A solid homeowner’s insurance policy will cover most of the above perils with add-on protection policies needed - depending on your geographic location and climate.
In certain areas, you might need to add coverage for flooding -- whether you live in a high-risk flood zone or not -- and if you do, it’s federally required. You might need earthquake insurance if your area is prone to quakes. You may need added wind damage insurance if you live in an area prone to hurricanes or tornadoes, and you might want a special policy or an umbrella policy for special hazards.
A homeowner’s insurance premium in 2021, on average, runs just above $1,000 yearly for homes valued at $250,000. Check out BusinessInsider’s tool to get premium averages by state. This cost is usually broken down and paid on a monthly premium basis.
If you buy a home in a neighborhood with a Homeowners Association or buy a condo or townhome in a development with a Condo Association, you’ll likely have association fees. These fees help cover the cost of community amenities, such as swimming pools, recreational facilities, maintenance & repairs of community or condo facilities, and neighborhood or common area exterior landscaping.
HOA and Condo Association fees can be all over the board, from a few hundred to a few thousand annually. These fees can generally be paid monthly or all up front. If you don’t pay them, you risk having a lien put on your property or potential foreclosure.
Owning a home means you don’t have a landlord to call when a system breaks down or something needs repair. You become the landlord. When you think about the true cost of homeownership, be sure to think about the cost of ongoing maintenance on your home.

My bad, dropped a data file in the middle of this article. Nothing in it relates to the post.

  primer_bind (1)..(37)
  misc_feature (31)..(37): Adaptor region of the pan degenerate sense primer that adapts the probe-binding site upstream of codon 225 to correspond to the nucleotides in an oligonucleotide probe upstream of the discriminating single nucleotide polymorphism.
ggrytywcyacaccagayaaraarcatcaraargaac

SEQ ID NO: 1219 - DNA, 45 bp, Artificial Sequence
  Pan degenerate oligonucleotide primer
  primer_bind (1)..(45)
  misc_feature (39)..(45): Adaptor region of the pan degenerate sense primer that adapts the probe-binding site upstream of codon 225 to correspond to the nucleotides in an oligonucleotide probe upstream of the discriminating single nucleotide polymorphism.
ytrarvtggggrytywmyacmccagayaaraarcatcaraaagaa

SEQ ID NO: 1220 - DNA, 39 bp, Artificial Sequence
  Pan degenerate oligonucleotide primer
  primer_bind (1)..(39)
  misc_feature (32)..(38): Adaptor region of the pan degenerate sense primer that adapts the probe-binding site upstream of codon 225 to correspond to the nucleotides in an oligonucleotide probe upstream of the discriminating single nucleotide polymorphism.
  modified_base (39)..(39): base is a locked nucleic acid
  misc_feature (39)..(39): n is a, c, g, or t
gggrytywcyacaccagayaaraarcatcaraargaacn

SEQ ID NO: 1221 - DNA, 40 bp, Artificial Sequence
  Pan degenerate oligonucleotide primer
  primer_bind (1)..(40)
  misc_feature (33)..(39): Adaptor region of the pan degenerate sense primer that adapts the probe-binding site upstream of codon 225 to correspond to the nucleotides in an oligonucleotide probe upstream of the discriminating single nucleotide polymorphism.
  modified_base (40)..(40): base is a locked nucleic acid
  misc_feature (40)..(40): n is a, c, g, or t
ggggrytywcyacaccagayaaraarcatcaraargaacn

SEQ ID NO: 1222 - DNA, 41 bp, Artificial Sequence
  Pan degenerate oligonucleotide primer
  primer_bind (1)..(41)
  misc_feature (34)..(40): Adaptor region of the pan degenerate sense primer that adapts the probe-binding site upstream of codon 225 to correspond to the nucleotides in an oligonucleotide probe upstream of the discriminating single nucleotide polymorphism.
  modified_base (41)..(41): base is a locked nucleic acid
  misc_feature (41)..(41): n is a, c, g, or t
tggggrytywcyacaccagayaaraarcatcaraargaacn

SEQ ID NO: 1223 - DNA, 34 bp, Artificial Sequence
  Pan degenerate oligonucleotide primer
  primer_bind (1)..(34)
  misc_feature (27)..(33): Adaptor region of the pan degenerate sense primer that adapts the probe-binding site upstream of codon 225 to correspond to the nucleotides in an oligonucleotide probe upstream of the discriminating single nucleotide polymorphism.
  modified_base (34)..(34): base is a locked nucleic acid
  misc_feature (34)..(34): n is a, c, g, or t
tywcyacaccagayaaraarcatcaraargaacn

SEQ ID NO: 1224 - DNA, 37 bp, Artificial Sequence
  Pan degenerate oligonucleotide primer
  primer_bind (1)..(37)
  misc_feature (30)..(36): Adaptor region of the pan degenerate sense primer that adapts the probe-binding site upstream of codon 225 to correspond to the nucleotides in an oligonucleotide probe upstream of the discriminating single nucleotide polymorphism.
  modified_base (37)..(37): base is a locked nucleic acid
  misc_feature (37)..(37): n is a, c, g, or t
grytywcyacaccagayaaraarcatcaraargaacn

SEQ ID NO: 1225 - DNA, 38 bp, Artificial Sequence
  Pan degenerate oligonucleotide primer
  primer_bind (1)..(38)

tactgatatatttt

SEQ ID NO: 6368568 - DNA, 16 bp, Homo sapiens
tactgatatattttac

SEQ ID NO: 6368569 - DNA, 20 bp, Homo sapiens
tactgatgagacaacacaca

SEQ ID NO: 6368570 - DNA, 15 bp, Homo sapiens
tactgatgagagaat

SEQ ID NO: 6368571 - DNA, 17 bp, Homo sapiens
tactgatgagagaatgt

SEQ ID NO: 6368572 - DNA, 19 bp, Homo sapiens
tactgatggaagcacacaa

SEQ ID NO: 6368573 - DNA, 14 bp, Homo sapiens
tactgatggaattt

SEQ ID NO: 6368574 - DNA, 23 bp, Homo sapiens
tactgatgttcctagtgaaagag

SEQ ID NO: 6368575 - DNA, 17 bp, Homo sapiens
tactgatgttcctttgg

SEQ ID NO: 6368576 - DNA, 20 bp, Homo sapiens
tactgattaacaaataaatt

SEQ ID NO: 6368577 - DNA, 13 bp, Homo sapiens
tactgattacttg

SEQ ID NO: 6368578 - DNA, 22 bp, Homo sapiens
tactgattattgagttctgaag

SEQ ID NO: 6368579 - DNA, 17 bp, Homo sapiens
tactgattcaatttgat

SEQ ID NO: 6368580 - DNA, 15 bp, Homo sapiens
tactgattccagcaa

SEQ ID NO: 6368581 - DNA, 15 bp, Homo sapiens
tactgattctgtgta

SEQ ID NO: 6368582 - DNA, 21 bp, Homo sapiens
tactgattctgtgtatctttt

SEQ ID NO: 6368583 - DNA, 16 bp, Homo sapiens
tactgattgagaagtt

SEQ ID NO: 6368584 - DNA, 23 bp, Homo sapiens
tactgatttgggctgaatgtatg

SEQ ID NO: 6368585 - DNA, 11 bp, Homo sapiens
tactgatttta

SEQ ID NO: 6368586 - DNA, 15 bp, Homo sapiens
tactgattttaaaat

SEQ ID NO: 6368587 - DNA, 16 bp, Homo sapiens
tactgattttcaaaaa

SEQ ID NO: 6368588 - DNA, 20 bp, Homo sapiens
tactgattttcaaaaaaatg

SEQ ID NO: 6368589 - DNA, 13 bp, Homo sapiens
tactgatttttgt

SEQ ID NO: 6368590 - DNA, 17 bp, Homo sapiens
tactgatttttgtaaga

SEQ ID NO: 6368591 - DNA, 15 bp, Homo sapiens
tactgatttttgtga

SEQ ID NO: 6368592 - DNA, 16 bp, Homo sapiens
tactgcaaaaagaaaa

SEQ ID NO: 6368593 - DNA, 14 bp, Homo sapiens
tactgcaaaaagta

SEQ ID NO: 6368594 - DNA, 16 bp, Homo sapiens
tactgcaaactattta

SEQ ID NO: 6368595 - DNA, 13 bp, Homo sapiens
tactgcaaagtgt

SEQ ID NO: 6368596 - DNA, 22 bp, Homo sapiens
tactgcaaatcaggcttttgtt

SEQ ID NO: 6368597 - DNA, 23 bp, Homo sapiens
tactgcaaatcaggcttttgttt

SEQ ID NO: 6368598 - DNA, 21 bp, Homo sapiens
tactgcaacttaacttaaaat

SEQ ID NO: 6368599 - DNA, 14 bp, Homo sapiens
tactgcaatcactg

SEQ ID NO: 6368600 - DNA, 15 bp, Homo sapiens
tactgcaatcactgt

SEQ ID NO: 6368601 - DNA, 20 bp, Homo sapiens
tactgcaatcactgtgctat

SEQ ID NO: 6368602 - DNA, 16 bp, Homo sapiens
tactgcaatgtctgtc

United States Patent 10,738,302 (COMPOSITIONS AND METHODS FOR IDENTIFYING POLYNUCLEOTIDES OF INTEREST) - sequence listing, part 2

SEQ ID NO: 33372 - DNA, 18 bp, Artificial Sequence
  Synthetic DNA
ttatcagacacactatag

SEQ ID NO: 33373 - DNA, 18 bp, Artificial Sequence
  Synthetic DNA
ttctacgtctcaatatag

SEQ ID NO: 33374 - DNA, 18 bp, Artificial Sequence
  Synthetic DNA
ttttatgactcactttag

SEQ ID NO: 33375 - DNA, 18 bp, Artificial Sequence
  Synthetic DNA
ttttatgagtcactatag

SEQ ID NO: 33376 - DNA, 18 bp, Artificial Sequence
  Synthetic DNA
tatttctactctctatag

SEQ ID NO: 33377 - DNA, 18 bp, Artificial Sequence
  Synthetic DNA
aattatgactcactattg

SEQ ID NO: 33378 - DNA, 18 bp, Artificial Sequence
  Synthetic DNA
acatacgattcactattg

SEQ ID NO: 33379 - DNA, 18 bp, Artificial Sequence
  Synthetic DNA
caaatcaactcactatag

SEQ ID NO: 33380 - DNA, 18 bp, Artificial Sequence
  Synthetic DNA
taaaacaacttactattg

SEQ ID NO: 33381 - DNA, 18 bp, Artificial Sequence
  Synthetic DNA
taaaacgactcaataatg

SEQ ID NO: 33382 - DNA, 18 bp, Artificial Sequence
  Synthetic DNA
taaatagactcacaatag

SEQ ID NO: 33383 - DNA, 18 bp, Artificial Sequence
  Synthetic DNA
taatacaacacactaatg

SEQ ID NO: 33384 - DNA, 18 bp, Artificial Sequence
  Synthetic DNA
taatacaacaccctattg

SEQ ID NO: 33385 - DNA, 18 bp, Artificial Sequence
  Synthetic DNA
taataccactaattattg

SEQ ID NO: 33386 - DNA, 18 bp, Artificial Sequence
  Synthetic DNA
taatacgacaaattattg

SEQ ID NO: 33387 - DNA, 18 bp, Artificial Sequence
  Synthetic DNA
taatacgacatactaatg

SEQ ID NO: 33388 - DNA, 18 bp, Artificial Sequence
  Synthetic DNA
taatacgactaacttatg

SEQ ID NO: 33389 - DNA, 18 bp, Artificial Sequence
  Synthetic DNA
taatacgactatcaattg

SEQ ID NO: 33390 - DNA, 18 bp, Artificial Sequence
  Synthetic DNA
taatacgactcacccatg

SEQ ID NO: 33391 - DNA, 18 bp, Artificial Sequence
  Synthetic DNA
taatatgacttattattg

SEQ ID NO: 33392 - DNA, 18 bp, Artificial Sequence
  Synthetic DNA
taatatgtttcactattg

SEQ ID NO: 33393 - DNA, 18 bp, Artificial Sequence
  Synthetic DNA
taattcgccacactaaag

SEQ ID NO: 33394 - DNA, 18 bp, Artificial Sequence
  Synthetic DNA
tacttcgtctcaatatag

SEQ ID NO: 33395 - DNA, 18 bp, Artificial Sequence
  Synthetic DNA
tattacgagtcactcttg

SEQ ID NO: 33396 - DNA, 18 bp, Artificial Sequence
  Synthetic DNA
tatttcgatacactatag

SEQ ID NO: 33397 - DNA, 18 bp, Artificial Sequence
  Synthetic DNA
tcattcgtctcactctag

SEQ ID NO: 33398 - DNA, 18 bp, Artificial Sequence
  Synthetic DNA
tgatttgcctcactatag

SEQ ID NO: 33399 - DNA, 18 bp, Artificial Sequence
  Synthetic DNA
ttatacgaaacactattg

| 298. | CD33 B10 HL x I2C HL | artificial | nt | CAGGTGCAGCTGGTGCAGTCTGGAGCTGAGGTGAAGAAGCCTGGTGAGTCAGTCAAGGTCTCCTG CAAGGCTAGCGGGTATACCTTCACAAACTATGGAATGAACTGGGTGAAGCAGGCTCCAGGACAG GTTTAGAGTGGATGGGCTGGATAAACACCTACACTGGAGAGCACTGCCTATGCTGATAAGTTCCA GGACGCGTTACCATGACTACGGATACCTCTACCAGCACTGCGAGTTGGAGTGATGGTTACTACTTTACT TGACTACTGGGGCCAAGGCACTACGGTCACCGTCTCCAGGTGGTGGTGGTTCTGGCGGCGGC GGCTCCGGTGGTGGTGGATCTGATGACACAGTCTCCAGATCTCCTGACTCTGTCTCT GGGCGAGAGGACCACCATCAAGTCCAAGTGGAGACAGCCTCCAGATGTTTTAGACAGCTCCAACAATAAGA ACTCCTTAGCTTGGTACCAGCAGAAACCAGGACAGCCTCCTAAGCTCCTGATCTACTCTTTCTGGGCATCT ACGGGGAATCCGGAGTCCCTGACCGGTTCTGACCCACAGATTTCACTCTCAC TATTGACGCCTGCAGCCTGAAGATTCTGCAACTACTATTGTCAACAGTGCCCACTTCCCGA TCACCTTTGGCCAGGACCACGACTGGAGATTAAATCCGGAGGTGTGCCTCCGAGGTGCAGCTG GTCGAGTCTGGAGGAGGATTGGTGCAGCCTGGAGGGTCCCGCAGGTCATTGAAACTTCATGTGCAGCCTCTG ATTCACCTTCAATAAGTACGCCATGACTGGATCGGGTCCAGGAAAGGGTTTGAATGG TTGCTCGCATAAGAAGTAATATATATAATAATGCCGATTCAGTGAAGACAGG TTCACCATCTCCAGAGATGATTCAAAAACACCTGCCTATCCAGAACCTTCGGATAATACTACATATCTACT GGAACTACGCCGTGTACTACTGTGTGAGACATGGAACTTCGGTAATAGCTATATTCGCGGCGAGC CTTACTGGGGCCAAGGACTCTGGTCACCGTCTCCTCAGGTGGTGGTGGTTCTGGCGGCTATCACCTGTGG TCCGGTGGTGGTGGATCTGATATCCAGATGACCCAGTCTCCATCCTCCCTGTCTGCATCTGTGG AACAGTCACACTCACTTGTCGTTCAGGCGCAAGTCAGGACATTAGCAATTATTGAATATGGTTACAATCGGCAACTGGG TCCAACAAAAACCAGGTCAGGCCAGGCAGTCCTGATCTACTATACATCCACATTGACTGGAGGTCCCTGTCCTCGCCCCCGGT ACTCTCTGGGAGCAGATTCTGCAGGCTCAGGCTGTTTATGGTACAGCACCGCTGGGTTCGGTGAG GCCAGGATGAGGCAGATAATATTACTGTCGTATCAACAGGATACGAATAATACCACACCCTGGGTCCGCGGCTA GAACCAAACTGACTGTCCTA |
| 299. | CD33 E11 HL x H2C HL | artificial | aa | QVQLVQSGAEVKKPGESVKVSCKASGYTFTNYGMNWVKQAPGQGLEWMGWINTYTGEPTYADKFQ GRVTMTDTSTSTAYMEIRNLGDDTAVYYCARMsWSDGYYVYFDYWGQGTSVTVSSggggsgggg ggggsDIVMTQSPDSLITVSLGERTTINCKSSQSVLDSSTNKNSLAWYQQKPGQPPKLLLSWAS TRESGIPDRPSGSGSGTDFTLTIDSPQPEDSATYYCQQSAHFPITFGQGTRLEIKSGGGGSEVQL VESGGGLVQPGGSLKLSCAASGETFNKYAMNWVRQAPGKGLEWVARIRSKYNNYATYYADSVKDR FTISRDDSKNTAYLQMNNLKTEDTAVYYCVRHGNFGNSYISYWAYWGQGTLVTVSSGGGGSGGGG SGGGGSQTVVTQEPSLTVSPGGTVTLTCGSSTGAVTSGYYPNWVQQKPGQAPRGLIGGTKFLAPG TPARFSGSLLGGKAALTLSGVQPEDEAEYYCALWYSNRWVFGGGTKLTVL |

Recent data shows that ongoing maintenance and repairs for homes in solid condition runs about 1% of a home’s market value annually. So if you purchase a $300,000 home, it’s a good idea to budget for $3,000 worth of maintenance and home repairs in any given year.
One great way to do this is to set up a dedicated bank account solely for home repair and maintenance costs. That way when a system breaks down, you have funds available that are earmarked for repair. As a rule of thumb, plan to set aside at least 5% of your mortgage payment each month to prepare for future maintenance expenses.
There are a few more bigger ticket items to think about in the span of owning your home. The average roof, depending on type, lasts about 20-25 years - longer with more durable kinds of roofing. Most solid HVAC systems last 15 to 25 years. And over the course of owning your home, you might need to repair electrical systems, in-wall plumbing, home siding, or make foundation repairs.